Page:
Despite bad rap, chocolate milk still a favorite in schools
Chocolate and other flavored milk has come under fire from advocates who say it should be removed from school cafeterias. But the beverage has allies among Connecticut officials who cheered when a federal official noted that it was left out of new rules aimed at ensuring students get healthier meals.
“That would be a public health problem if flavored milk was taken out of the schools. Kids won’t gravitate to the white milk,” said Madeleine Diker, who runs the food programs at Cheshire Public Schools that serves about 3,200 students lunch each day.
Whole milk and most trans fats will be banned, and schools will have to reduce the calories and sodium in students’ meals under new rules adopted by the U.S. Department of Agriculture. Schools risk losing federal funding if they don’t comply by the start of the next school year.
“We know that people in the United State use too much sodium. Let’s knock it off starting in the schools,” John Magnarelli, the regional director for the USDA. “I hear it all the time that we need to remove flavored milk from the schools. I disagree.”
Although flavored milk got a reprieve from the USDA, school districts in Connecticut and across the country have taken flavored milk out of their cafeterias. The move has been pushed by some parents and nutritionists who say the added sugars are contributing to the nation’s obesity problems.
The initiative was highlighted nationally earlier this year when Jamie Oliver, the host of a popular ABC program that focuses on unhealthy food habits, filled a school bus with sugar to show how much students in the Los Angeles Unified School District consume in one week’s worth of flavored milk. The district soon enacted a ban.
In Connecticut, New Haven is among the districts that have outlawed flavored milk.
“To have this great healthy meal and then to top it off with chocolate didn’t make sense,” said Tim Cipriano, who is in charge of the food service program servicing about 17,000 students in the city’s schools.
But many of his peers at the annual state school nutrition conference in Plantsville Wednesday disagree. They cheered when Magnarelli pointed out in his presentation the new USDA rules that flavored milk could remain on the menu.
“Flavored milk is the dumbest fight we schools should be having,” said Dr. Keith-Thomas Ayoob, who teaches child nutrition at Albert Einstein College of Medicine in New York. With six in 10 children not getting enough calcium each day, he said, schools should be happy when they choose milk at all, no matter how it’s served. “Let’s not pick on the good guy. Milk is the good guy.”
He notes in the schools he studied that banned flavored milk, consumption dropped by an average of 35 percent. Cipriano said New Haven Public Schools has seen a “moderate” decrease in milk consumption since they started the ban last year.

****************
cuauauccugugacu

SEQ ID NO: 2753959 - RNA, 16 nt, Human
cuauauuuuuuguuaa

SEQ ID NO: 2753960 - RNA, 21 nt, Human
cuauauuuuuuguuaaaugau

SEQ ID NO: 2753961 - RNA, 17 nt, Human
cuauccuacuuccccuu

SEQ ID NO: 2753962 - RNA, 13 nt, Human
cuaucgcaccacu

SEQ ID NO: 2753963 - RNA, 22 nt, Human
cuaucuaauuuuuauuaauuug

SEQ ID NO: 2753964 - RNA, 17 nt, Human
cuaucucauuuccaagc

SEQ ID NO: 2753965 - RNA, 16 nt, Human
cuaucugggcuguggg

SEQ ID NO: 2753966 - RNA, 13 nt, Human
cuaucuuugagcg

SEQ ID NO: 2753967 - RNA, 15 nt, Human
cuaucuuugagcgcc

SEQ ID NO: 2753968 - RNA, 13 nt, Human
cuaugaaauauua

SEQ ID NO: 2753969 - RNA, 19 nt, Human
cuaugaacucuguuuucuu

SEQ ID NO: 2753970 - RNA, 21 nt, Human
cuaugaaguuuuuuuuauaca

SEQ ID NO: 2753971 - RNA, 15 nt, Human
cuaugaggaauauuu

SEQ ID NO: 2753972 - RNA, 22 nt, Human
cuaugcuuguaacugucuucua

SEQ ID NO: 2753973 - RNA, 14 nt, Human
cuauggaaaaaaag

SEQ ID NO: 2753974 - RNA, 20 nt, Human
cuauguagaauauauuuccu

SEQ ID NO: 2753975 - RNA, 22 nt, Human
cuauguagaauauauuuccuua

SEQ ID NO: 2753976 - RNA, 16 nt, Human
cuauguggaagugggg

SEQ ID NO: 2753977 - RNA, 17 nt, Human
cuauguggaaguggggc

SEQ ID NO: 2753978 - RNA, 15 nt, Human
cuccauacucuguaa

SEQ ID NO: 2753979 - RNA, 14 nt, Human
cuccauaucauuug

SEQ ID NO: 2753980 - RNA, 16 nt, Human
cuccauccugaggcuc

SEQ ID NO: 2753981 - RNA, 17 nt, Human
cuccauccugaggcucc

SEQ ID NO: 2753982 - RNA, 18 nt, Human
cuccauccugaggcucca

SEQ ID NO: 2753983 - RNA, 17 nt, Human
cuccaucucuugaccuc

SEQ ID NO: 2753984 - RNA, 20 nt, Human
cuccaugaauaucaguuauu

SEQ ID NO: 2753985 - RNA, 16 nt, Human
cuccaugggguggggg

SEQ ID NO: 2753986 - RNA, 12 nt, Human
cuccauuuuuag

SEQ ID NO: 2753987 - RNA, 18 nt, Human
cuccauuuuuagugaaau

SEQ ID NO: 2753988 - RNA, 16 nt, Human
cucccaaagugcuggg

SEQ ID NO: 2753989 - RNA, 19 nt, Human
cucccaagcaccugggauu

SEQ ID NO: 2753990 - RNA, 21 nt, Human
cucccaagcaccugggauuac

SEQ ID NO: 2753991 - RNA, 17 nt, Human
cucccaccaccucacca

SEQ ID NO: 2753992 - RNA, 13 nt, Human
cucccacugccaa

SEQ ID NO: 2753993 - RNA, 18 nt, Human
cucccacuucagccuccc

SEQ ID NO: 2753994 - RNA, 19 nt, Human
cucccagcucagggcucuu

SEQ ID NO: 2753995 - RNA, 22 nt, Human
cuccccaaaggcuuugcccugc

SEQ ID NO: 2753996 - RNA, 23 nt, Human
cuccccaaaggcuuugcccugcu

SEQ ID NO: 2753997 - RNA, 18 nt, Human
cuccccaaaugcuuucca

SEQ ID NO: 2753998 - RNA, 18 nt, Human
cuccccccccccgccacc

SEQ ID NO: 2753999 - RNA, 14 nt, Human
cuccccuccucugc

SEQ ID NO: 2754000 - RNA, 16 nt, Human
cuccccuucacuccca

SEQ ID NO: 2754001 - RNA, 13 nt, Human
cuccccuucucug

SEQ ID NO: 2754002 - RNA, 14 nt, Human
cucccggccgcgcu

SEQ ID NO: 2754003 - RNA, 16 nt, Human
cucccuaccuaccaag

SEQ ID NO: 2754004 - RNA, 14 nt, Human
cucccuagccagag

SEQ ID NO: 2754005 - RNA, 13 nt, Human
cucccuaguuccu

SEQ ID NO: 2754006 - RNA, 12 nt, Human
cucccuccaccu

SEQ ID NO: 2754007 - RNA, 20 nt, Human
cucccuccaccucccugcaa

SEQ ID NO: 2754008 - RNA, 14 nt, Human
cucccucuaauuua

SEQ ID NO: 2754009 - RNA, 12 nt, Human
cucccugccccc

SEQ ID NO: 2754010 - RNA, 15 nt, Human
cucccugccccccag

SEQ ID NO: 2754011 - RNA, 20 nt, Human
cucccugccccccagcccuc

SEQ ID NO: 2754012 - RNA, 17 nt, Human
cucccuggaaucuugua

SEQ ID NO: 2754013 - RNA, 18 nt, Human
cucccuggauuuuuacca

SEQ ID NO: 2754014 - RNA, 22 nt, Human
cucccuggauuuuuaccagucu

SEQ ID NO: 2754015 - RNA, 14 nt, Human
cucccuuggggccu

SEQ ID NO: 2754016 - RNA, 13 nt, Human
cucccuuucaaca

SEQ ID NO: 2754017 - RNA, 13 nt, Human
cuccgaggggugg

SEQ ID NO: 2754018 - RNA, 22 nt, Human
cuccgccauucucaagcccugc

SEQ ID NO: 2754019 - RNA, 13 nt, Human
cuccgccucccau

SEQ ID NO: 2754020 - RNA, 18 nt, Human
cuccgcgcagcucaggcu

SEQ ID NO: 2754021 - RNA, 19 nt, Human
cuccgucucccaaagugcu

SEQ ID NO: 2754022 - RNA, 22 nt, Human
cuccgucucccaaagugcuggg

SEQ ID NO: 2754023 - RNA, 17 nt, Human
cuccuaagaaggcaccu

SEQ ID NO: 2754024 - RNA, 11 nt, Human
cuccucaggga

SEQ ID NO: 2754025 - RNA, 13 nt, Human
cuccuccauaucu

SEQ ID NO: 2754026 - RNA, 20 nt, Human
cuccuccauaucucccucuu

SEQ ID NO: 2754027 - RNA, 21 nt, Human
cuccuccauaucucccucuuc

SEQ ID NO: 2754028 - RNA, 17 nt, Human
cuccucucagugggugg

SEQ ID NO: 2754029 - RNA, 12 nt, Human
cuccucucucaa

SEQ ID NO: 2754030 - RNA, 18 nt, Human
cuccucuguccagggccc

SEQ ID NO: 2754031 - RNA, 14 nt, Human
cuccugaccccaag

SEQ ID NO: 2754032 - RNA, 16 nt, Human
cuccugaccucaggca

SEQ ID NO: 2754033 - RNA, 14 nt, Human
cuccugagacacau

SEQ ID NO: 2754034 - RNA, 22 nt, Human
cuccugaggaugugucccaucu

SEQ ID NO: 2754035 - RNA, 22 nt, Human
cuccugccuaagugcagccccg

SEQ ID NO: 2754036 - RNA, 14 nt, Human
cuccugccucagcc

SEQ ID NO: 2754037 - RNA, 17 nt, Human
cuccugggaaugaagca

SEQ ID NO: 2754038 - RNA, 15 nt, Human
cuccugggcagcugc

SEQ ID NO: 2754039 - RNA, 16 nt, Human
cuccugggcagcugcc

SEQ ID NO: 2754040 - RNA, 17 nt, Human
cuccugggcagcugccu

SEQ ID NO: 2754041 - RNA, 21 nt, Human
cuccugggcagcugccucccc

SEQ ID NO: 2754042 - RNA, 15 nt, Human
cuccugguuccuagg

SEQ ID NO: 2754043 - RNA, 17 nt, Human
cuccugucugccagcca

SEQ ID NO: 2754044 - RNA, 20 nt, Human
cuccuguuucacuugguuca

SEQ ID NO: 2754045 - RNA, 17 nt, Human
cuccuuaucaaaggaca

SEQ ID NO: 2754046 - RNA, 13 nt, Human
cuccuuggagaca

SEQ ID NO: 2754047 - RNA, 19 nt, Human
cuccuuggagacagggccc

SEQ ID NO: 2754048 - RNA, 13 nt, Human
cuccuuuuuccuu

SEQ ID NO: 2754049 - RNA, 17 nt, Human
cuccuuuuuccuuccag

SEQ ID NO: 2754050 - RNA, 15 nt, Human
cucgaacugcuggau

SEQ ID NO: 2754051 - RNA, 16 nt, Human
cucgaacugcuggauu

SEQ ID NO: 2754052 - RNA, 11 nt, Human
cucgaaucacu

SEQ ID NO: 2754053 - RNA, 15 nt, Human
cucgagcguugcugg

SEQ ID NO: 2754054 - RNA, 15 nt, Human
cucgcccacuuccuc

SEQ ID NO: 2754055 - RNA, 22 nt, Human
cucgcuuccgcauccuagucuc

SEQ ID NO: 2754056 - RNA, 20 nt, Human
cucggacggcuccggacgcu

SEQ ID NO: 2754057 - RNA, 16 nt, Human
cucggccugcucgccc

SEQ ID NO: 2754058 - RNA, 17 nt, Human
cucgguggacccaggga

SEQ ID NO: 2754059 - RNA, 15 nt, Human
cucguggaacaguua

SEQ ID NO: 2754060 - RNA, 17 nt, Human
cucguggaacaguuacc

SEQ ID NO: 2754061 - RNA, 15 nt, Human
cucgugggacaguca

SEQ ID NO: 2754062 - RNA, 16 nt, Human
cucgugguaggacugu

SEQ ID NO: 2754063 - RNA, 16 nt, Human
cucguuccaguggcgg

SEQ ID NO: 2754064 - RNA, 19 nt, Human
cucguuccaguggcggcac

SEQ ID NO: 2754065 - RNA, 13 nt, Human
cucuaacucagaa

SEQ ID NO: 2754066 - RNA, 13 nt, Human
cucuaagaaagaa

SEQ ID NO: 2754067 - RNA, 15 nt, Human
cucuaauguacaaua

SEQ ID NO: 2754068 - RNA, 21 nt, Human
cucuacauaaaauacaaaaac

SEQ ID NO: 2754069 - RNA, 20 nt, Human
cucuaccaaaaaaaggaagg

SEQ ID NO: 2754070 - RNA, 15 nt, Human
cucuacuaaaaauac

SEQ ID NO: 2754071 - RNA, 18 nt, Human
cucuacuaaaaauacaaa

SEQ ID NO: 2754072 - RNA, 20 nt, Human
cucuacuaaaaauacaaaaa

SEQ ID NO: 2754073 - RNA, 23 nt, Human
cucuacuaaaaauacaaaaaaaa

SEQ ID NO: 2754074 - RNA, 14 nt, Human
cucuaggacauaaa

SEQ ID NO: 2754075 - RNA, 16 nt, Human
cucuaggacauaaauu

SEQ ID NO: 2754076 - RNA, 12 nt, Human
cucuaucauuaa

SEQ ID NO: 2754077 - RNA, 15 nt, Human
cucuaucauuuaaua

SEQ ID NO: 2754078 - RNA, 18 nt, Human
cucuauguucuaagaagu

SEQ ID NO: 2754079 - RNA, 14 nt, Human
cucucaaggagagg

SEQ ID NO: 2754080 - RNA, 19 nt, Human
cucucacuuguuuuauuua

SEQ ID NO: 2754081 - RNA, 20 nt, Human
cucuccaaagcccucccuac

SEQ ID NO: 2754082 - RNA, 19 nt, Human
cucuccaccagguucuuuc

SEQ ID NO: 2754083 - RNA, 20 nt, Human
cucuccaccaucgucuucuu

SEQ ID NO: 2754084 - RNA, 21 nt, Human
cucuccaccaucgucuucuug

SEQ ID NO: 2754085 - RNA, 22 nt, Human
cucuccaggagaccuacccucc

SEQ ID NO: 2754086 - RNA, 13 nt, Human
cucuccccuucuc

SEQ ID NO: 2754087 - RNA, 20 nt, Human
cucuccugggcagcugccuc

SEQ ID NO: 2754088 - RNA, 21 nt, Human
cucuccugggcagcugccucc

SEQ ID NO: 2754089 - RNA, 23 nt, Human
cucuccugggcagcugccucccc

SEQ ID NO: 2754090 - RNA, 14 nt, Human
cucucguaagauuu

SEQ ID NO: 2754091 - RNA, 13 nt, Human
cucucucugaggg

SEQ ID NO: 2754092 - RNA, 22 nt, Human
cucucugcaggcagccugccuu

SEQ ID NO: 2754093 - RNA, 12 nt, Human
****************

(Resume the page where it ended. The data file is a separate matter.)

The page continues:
There’s a lot a stake for dairy farmers, as milk sold in schools accounts for 7 percent of all milk sales in the country. Last year, the milk producers started a campaign to defend themselves against these attacks on chocolate milk.
“Chocolate milk is always good to have available. We are making sure it’s low-fat and low sugar,” said Don Patterson, a customer service manager for a New Britain dairy farm.
While relieved flavored milk will remain on the menu, school food officials are not happy with the increased fruit and vegetable requirements in the USDA regulations. Districts will be required to double the amount of fruit and vegetables they offer for those receiving free and reduced meals starting no later than the start of next school year.
“We hear that, and all of us in this room are going, ‘Ding, ding, ding, ding, ding.’ That’s a huge added cost for us,” said Lonnie Burt, the food service director of Hartford Public Schools where almost all the students receive free and reduced meals. “If you make me double that amount of fruit then that’s going to double my costs.”
Other school officials agree.
“We understand that’s going to be more costly,” Magnarelli said, noting school lunches will be reimbursed an additional 6 cents per meal to help cover the costs. School breakfasts will not get larger reimbursements.
If schools don’t comply with the new slew of requirements, they could face losing 32 cents per meal in federal money. For districts like Hartford, New Haven and New London, who have high numbers of children receiving free and reduced meals, that would be a significant cut in funding.
“That 6 cents will be a very minor supplement of what the actual costs will be,” said Gail Sharry, the food service director of New London Public Schools.
Teri Dandeneau, who works at the State Department of Education’s food nutrition bureau, said the fear is that these additional requirements could lead to even higher school lunch prices. About one-third of the 200 school meals officials that attended Wednesday’s conference said they had to increase the price they were charging since last year, many of those attributing gearing up for these new requirements as a cause for that increase.
Mike Edgar, a food service manager for Chartwells that services 11 school districts in the state, said these new requirements will add between 15 to 23 cents per meal.
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